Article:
Get ready for a surprise…
Today saw the launch of the brand spanking new user interface for Word, Excel, Access and PowerPoint: the Office 12 Ribbon.
Before I go any further I have to say that this is very early pre-release stuff. In fact this is the first time the Office group have showcased a new release so far ahead of launch. Just bear that in mind as you look at this and remember there is lots of time for this to change before RTM.
Now, back to the topic at hand... The Ribbon replaces all the menus and toolbars, and most of task pane options for the applications that have taken it. Yes that's right, menus and toolbars are (almost all) gone!
Ribbon in Word 12. Click for larger image
Current and previous versions of Office have some features available only in menus, some in menus and toolbars, and some in the task pane. In Office 12 the Ribbon is the single place to look for all the application's features.
Commands in the Ribbon are split across a number of tabs. The names of the tabs vary from application to application. These are the tabs for Word:
Kinda different from the familiar File, Edit, View, Insert, etc..? That's because the UI designers have taken a different approach, and rather than design a command-centric interface they have designed a task-centric UI. The developer tab contains all the stuff around macros and VBA. By default it is not visible, but can be enabled through Office 12's equivalent of the Options dialog. (Yes, the Options dialog as we know it is gone too.)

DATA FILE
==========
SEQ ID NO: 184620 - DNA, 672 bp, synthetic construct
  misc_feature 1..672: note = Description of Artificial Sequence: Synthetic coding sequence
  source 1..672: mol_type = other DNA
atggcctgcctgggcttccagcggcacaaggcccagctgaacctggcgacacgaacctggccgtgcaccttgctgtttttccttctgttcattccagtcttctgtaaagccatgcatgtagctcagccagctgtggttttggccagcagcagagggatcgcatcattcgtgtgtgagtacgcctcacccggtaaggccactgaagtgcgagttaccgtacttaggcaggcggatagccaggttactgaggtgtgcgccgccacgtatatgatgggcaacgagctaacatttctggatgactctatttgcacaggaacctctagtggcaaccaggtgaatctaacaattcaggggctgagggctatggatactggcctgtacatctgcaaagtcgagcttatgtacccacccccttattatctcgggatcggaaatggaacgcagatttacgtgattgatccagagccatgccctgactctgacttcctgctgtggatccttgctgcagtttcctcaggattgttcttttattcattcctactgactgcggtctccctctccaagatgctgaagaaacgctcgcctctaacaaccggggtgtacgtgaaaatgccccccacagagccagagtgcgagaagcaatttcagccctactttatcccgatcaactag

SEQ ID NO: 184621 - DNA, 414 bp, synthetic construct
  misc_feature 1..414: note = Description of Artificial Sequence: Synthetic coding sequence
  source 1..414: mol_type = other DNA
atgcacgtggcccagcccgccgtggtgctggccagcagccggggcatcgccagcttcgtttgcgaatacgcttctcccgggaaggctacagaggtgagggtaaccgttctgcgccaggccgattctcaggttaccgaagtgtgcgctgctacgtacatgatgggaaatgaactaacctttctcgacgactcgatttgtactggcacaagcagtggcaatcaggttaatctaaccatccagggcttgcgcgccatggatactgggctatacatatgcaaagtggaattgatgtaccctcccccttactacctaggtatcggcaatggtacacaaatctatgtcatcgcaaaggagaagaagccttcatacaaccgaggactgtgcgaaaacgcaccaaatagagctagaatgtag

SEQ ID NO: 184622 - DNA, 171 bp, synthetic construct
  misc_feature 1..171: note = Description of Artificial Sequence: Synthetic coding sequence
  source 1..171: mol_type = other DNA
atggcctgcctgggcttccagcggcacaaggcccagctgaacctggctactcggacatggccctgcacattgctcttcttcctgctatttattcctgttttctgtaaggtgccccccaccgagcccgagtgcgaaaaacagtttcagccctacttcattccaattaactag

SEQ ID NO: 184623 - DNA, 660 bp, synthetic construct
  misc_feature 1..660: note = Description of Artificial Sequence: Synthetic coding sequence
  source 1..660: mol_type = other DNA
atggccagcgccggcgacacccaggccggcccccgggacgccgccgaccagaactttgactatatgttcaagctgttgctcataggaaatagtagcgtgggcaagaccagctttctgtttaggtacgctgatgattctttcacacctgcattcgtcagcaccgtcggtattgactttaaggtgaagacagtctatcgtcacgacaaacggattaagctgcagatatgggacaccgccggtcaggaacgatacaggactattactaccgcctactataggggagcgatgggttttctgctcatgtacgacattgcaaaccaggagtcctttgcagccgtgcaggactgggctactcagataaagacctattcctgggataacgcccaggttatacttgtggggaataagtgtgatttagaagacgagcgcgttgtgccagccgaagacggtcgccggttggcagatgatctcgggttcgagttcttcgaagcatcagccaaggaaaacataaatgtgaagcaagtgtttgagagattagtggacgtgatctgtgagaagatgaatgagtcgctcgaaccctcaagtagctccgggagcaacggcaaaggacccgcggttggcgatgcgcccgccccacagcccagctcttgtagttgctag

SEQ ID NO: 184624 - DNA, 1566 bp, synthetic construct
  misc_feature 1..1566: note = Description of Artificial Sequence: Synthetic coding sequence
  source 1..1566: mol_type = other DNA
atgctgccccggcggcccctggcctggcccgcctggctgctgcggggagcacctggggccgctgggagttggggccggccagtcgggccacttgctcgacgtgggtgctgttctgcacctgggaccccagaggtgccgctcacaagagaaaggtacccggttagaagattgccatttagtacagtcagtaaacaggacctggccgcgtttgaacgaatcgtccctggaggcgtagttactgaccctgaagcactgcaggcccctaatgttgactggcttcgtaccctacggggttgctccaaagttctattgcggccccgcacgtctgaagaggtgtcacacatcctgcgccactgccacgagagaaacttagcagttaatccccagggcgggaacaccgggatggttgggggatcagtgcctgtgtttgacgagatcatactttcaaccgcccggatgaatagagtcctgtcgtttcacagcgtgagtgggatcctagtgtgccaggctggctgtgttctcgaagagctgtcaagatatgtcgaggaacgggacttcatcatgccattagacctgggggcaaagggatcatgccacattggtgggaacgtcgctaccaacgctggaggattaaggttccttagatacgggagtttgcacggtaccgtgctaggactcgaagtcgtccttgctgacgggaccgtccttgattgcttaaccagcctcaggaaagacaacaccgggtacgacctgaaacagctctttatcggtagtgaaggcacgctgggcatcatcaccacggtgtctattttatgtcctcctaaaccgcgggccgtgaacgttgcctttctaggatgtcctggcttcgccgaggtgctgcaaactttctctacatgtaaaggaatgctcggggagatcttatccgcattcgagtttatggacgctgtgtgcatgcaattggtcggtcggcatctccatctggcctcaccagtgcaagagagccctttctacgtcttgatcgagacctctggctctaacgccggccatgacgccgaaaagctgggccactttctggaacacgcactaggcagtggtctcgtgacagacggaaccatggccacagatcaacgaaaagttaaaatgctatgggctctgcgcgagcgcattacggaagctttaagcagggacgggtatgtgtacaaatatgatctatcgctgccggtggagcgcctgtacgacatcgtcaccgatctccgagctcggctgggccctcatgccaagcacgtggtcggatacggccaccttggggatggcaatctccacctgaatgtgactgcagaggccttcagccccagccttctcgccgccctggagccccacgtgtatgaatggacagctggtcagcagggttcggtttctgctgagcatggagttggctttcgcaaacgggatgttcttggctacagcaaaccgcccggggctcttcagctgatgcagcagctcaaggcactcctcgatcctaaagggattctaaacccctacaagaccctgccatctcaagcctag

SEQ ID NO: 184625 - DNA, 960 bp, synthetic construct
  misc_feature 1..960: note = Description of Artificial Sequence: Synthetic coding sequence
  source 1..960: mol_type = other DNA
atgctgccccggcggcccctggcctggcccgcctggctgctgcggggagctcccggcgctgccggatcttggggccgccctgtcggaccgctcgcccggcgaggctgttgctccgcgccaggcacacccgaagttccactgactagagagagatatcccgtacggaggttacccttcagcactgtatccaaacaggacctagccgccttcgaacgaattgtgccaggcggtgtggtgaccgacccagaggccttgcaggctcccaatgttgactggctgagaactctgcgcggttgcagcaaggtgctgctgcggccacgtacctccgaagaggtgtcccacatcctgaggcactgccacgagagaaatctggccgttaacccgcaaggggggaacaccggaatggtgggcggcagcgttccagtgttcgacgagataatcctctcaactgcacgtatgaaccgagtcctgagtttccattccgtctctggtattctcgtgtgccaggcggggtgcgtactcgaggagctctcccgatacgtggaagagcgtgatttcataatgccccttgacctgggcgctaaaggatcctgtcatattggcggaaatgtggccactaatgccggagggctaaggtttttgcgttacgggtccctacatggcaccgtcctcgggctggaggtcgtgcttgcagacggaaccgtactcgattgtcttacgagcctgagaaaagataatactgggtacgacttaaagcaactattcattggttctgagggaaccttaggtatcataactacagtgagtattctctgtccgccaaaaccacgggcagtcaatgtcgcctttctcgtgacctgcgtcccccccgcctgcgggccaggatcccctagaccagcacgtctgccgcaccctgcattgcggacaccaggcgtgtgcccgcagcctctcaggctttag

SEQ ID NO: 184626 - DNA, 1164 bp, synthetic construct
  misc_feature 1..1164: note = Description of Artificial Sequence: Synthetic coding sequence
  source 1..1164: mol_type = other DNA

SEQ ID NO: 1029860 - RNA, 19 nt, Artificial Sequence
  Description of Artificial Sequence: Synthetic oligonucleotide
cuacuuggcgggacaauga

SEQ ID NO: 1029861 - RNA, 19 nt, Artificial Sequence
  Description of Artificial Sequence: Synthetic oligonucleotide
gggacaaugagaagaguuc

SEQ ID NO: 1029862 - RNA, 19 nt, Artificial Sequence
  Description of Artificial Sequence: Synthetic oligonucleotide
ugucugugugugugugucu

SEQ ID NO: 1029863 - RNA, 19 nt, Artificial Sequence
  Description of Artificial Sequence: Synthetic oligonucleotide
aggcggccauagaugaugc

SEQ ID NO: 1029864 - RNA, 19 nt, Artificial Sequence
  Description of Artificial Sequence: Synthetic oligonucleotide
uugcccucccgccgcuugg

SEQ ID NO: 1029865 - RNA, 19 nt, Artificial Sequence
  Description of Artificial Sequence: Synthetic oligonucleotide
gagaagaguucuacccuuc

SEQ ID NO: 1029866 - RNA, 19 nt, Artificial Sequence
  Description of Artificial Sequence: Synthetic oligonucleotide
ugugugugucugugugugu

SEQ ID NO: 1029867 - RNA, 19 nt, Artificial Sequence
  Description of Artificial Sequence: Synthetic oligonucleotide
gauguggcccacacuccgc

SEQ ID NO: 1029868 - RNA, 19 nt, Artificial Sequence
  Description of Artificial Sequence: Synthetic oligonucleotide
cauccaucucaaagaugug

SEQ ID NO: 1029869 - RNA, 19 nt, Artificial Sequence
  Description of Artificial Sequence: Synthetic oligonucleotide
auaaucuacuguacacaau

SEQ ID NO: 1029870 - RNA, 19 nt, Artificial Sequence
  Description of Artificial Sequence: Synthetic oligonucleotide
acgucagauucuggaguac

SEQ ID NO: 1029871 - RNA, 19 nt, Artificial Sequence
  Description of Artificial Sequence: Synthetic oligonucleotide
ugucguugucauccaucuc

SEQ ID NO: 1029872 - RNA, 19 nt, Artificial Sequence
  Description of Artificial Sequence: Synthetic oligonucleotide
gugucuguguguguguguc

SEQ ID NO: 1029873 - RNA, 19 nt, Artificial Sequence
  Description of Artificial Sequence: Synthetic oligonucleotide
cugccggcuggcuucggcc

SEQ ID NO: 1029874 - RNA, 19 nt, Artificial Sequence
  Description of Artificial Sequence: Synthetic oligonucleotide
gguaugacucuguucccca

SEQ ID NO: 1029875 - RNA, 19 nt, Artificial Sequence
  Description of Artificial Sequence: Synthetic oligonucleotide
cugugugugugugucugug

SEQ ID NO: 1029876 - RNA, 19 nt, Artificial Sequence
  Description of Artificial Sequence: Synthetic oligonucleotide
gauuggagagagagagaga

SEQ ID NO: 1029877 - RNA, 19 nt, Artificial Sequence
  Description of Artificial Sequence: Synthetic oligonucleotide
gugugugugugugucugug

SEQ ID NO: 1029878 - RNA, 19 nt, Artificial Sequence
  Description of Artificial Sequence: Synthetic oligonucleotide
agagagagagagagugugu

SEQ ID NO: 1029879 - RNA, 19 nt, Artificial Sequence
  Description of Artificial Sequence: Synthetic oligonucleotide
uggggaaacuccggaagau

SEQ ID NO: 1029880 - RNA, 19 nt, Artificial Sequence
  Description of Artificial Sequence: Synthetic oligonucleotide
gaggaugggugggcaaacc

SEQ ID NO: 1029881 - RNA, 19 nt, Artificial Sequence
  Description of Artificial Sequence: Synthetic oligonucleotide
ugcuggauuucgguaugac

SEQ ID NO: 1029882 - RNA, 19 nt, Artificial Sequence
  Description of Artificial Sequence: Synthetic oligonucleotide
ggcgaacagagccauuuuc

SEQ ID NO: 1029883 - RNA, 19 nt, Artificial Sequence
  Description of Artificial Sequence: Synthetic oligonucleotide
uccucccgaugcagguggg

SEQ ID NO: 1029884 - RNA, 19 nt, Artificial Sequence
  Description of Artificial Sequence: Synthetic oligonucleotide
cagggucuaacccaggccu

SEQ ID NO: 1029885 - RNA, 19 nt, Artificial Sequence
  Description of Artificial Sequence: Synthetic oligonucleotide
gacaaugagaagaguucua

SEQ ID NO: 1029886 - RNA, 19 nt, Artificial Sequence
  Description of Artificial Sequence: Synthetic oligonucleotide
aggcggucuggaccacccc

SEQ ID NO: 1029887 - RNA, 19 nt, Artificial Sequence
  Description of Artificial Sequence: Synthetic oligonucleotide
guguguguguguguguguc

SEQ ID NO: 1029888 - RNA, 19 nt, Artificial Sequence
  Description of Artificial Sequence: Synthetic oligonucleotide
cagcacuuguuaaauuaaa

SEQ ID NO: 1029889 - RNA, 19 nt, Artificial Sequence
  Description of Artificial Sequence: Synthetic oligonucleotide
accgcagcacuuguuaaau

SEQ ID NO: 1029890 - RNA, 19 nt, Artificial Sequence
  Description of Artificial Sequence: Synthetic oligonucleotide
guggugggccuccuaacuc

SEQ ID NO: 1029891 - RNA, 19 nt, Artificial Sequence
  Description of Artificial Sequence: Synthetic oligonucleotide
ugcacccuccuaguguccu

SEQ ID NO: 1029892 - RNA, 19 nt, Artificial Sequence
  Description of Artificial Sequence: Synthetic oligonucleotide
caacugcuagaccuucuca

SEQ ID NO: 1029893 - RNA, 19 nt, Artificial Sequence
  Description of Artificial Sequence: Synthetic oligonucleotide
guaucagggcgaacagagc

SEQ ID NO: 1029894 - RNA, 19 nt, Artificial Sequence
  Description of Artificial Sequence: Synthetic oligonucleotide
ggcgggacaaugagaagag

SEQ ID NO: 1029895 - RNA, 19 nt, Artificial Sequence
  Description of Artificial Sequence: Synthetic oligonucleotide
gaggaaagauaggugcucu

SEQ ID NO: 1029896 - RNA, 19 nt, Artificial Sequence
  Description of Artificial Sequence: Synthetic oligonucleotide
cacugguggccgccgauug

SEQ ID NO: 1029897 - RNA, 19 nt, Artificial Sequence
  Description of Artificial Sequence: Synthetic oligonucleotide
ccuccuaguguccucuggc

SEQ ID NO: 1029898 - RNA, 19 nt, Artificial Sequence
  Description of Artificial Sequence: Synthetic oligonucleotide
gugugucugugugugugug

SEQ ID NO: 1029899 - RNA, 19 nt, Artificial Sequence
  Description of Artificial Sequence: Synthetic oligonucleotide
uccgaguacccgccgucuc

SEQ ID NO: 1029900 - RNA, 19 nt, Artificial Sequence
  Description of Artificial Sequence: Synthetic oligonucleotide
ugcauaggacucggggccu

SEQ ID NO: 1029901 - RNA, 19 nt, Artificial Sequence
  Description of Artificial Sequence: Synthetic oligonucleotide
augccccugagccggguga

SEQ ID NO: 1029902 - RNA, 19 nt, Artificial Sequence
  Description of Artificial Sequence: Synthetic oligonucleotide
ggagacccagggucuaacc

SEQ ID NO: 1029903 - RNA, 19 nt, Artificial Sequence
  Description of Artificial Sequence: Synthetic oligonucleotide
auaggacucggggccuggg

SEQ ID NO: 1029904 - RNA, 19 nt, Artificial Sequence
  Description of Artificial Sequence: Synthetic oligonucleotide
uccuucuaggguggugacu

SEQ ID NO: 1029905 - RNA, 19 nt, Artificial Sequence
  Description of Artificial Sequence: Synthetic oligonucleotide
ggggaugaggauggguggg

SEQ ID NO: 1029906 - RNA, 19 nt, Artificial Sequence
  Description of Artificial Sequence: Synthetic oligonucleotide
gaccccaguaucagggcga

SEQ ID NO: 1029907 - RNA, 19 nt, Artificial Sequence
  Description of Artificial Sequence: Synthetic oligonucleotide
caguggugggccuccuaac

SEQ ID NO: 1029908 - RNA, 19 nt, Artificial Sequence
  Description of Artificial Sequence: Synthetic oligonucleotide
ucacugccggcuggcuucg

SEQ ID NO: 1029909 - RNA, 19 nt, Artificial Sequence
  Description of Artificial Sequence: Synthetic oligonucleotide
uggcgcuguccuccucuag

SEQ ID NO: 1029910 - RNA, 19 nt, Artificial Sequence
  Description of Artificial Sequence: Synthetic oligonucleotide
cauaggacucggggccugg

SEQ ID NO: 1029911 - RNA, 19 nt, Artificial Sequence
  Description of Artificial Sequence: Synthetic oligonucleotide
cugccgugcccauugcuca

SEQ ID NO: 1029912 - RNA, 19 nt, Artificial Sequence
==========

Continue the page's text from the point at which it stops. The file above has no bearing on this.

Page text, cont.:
Commands within a tab are grouped into chunks (I expect the folks in marketing will come up with a better name for this before launch). The most important commands are shows as larger buttons. This works well for me. I get nice quick access to the Paste Special command I use all the time for instance. Most of the less common buttons have text associated with them which makes the UI much more discoverable.
The Ribbon is very smart about the way it resizes. It makes much better use of the large screen resolutions that are common today. As you decrease the size of the window buttons first shrink in size, then lose their text labels, then as you decrease window size further they group together to turn into drop-down collections of commands.
Here is lone remaining menu and toolbar in Office. And it's a pretty small toolbar at that. This is called the Quick Access Toolbar and by default contains just three buttons: Save Undo and Redo - commands that are so fundamental to the application that they simply need to be available all the time. You can customize the QAT to add your own favourite commands.
The File menu is the one remaining menu. I don't have a screenshot of that available, but that has been redesigned too, in a similar way to the Ribbon, with larger buttons for most used commands, and additional text for the less common ones.
(I hear on the grapevine that all the cool Office developer announcements are being saved for tomorrow BTW. Stay tuned for more on that later).
[Update 14/9: Added some more screenshots here: http://blogs.msdn.com/bowerm/archive/2005/09/13/464864.aspx]